II. Propagation and Activities. — The Order of the Minims, propagated at first in Italy was intro- duced by special royal favour into France, whither the holy founder was called in 14S2. There the earliest convents were at Plessis - les -Tours, A m b o i s e , and Nigeon,near Paris. On account of their great sim- plicity the Minims in France re- ceived the appel- lation of hons hommes. In 1495 Charles VIII of France founded in Rome the con- vent of Trinita del Monti, which, by Bull of Innocent X (1645), was ex- clusively reserved to the French fa- t h e r s . From France the Minims spread to Spain, where they were called " Fathers of the Victory", owing to the vic- tory of King Fer- dinand over the Moors of Malaga. In 1497 the Em- peror Maximilian introduced the new order into Germany (Bohe- mia). At the death of St. Fran- cis of Paula, 1507, A Mimj there existed five provinces spread ov Spain, and Germany.

A little later the order counted 450 convents. In 1623 Dony d'Attichi gives the number of members as 6430, convents 359, and provinces 30, distributed in the principal Catholic countries of Europe. Lanovius in 1635 adds to the number of provinces three com- missariates, of which one was in the West Indies. In 1646 the Propaganda approved the foundation of a mission in Canada, but it is not known if this plan was ever carried out (Rolaerti, II, 688). In England the Minims seem not to have had any convents, still some illustrious English memters are recordetl, as Thomas Felton, martyred in 1588, Henry More, nephew of the chancellor. Blessed Thomas More, il. at Reims, 1587; Andrew Folere, Soissons, 1594. The second order was never very widely propagated. In 1623 there existed 11 convents with 360 sisters. The third order, on the contrary, found many adherents among the faithful in the countries where convents of the first order exLsted.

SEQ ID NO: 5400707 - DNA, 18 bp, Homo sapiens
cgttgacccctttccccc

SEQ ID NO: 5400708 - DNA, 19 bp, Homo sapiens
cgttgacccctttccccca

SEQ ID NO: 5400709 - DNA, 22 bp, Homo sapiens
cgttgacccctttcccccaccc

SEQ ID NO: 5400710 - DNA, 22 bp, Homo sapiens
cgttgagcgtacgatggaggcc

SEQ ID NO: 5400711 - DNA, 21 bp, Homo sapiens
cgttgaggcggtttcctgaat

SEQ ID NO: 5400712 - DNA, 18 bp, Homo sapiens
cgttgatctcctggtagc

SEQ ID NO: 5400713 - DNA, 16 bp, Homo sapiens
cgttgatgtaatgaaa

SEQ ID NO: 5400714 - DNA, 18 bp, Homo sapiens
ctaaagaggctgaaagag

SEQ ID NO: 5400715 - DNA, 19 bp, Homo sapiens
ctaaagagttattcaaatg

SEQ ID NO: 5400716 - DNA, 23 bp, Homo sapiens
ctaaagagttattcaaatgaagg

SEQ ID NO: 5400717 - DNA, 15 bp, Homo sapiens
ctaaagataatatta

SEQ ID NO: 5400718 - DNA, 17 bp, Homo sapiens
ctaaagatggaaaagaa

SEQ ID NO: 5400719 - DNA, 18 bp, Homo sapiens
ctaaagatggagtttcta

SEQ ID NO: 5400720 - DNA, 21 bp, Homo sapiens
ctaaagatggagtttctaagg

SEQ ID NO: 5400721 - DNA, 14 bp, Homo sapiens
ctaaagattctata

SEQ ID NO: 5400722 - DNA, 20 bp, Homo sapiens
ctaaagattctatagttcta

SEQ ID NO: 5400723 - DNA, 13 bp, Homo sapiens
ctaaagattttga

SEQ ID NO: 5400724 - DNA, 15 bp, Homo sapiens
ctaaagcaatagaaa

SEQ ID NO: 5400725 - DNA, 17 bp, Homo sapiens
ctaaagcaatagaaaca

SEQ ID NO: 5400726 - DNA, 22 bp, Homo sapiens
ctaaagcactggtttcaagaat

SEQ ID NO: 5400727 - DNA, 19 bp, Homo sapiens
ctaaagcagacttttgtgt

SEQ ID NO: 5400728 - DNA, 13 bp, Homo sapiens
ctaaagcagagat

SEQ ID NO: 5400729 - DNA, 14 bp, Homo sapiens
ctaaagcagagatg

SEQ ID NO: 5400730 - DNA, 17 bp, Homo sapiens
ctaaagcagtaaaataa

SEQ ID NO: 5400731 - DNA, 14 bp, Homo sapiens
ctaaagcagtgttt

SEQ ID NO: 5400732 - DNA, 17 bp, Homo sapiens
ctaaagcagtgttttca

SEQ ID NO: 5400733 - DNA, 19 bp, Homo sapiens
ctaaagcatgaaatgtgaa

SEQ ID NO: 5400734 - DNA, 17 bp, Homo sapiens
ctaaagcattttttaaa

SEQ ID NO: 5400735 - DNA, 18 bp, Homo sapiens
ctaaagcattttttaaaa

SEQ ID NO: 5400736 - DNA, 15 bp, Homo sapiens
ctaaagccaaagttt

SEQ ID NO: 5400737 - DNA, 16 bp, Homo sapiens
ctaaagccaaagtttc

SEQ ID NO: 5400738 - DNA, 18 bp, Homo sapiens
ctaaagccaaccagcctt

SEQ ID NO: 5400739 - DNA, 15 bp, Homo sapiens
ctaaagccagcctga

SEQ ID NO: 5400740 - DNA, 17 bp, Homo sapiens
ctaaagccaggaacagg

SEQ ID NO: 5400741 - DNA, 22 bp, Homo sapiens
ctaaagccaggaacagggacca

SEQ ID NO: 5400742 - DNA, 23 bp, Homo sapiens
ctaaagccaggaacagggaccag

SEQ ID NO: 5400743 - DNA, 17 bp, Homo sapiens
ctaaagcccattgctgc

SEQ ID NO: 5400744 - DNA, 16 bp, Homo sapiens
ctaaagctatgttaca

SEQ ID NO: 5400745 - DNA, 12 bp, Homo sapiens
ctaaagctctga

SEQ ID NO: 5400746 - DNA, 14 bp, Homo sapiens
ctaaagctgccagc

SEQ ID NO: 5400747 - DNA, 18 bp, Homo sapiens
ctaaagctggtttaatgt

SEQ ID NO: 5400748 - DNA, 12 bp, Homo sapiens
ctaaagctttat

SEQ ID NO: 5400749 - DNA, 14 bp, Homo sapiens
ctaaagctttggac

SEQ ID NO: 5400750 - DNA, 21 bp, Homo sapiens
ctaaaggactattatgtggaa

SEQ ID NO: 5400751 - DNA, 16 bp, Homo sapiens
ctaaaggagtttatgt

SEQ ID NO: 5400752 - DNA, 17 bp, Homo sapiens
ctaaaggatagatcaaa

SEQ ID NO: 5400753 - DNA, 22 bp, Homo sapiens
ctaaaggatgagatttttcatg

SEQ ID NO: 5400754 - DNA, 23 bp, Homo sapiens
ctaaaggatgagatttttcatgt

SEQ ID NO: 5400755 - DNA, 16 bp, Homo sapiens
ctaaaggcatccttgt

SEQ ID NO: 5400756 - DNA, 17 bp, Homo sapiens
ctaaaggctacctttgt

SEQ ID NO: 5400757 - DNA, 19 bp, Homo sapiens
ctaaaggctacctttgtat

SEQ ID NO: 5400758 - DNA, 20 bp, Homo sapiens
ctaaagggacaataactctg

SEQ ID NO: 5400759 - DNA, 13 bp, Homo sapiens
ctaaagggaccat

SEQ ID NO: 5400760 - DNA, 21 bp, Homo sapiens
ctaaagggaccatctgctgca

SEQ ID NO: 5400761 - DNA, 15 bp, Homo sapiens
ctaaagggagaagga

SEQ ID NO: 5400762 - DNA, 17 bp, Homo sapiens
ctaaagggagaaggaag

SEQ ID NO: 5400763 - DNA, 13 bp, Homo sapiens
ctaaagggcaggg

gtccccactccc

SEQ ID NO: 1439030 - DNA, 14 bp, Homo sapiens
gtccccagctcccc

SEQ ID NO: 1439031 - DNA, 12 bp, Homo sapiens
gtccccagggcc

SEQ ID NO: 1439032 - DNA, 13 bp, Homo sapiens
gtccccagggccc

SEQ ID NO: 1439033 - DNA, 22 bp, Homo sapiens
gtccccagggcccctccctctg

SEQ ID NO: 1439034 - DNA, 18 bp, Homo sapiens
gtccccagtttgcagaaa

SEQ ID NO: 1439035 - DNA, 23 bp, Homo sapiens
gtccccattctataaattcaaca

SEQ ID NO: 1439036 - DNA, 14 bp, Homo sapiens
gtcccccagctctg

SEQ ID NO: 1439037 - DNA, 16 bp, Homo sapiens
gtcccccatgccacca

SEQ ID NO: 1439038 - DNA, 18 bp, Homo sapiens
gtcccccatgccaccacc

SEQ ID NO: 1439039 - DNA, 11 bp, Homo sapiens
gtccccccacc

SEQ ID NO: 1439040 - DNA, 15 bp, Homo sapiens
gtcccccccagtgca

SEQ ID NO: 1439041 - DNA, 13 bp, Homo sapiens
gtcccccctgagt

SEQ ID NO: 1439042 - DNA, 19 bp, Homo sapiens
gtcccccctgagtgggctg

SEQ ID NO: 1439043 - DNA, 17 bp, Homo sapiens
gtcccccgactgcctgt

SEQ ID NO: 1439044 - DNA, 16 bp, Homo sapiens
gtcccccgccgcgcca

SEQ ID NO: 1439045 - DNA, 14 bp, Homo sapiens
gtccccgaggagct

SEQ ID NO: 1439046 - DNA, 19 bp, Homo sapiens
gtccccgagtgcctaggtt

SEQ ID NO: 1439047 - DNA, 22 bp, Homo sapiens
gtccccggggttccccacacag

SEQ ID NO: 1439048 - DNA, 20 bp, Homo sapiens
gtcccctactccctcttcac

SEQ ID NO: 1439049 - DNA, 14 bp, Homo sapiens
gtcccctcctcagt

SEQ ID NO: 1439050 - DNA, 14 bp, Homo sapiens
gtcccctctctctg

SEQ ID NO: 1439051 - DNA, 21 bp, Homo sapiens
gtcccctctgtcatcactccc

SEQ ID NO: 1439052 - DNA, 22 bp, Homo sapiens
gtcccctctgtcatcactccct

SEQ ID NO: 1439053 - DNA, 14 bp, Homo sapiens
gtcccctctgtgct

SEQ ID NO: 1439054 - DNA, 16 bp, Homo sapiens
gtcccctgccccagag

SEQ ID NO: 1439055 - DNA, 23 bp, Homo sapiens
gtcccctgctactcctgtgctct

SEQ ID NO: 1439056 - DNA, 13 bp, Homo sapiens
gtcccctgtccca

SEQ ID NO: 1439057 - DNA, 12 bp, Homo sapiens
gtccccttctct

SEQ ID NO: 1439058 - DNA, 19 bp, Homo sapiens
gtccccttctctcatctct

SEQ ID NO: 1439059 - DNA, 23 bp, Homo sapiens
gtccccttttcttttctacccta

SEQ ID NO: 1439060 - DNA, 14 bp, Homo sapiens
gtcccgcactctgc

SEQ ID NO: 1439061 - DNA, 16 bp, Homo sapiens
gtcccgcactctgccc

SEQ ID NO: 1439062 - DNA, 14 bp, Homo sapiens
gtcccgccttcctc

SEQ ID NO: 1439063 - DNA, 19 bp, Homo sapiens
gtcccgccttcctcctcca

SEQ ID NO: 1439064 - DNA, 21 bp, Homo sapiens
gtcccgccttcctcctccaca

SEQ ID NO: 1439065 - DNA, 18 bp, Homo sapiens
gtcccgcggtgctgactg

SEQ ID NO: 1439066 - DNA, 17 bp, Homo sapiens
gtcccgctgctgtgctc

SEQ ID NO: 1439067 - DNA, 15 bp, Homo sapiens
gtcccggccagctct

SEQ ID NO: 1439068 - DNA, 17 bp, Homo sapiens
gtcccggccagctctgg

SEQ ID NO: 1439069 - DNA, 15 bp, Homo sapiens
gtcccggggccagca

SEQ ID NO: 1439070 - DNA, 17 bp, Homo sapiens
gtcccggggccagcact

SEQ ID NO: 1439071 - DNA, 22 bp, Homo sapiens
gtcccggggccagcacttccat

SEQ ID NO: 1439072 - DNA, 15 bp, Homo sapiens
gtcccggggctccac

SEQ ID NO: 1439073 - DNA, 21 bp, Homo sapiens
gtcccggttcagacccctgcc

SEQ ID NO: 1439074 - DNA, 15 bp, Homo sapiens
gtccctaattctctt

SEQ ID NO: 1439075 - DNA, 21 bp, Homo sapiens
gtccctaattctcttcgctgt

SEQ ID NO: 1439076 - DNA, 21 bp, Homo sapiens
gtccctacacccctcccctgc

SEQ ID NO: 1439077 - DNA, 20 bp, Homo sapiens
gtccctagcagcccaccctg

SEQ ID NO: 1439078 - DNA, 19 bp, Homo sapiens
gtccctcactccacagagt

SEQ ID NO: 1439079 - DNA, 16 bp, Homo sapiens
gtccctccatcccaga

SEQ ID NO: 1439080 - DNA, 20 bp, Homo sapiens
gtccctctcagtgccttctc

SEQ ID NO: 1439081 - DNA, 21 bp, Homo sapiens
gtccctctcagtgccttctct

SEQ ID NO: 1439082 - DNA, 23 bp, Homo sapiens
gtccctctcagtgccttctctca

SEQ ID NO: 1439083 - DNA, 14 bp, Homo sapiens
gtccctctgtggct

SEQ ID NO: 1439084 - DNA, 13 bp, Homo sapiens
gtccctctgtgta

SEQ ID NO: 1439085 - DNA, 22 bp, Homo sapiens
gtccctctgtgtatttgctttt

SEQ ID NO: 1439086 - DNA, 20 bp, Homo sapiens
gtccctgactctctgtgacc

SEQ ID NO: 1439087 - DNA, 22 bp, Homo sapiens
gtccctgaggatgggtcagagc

To give some indication of its activity we mention some of its most distinguished members. The first to be named is Bernard Boil (see BuiL, Ber.nardo), the first vicar Apostolic in America, appointed 1493, who, as

Italy, France,